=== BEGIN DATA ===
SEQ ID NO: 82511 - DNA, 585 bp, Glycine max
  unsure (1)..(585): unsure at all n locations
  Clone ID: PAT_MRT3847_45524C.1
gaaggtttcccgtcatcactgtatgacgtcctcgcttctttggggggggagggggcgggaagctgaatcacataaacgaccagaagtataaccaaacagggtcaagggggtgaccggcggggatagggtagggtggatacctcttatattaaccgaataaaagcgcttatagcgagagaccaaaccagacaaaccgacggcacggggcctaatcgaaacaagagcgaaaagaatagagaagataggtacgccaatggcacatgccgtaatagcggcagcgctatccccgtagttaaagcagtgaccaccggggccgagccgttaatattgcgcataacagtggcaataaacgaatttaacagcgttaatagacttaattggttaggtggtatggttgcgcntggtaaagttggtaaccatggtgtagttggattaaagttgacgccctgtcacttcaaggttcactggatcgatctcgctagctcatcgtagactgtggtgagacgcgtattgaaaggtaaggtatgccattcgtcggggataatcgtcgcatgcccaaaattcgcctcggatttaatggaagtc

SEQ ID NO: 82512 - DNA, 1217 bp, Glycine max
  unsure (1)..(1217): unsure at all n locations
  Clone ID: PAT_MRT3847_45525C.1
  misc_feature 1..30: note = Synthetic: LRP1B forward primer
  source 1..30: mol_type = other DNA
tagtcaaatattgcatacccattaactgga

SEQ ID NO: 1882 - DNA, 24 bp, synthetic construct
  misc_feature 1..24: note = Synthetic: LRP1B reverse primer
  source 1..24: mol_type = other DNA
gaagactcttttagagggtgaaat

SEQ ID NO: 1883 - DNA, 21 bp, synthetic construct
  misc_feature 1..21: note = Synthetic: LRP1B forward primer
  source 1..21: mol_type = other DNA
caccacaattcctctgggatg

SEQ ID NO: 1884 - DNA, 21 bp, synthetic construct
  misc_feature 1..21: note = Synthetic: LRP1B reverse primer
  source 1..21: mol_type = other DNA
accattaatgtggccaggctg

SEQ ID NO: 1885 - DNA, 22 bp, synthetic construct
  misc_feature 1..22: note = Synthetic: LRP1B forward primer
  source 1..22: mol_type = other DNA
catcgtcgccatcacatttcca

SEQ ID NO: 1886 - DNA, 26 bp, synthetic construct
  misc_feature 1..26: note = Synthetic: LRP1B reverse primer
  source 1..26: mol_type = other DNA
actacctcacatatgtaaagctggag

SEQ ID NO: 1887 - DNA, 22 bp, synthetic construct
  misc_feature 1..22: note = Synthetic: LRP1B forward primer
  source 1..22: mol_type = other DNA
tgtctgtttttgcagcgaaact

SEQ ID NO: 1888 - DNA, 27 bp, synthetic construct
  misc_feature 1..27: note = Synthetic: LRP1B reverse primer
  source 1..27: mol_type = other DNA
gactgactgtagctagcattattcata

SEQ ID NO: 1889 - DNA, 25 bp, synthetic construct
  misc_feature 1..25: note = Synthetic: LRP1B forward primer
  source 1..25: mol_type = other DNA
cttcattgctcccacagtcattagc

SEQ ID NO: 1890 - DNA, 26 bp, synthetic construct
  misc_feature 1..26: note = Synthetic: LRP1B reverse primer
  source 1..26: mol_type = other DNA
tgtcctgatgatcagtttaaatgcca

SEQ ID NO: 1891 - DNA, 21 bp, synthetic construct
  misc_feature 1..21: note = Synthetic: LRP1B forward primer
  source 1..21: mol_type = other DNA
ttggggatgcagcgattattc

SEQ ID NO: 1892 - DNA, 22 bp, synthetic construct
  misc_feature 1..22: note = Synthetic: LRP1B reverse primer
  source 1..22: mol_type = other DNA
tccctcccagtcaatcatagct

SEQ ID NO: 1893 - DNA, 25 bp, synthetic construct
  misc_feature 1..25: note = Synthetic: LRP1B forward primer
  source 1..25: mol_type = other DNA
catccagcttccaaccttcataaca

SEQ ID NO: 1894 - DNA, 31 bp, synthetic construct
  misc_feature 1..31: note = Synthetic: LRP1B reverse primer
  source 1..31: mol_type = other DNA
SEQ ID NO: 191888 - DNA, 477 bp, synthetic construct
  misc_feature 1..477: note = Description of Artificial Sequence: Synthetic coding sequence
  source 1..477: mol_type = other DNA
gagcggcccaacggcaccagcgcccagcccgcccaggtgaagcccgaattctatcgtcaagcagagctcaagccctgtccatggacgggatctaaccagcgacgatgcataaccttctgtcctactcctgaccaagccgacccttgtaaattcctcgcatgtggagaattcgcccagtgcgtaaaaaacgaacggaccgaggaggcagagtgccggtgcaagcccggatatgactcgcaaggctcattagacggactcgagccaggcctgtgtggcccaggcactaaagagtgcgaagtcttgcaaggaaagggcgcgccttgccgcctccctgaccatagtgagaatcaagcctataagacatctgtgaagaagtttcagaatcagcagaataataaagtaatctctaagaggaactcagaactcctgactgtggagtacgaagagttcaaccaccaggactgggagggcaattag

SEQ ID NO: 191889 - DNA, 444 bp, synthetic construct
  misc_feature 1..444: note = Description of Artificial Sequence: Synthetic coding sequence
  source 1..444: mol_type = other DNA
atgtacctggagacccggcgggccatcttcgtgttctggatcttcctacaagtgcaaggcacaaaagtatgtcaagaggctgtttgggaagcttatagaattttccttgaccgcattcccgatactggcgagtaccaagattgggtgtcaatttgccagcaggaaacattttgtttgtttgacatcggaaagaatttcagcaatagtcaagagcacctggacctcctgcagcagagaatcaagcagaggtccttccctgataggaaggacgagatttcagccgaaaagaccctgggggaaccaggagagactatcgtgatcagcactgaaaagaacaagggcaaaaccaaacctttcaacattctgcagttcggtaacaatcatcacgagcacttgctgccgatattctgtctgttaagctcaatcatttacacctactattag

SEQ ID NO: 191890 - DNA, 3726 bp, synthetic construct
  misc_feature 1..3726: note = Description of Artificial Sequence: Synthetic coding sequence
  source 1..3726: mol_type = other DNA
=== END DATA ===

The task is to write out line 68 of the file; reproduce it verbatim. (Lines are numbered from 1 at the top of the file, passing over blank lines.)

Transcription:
  source 1..444: mol_type = other DNA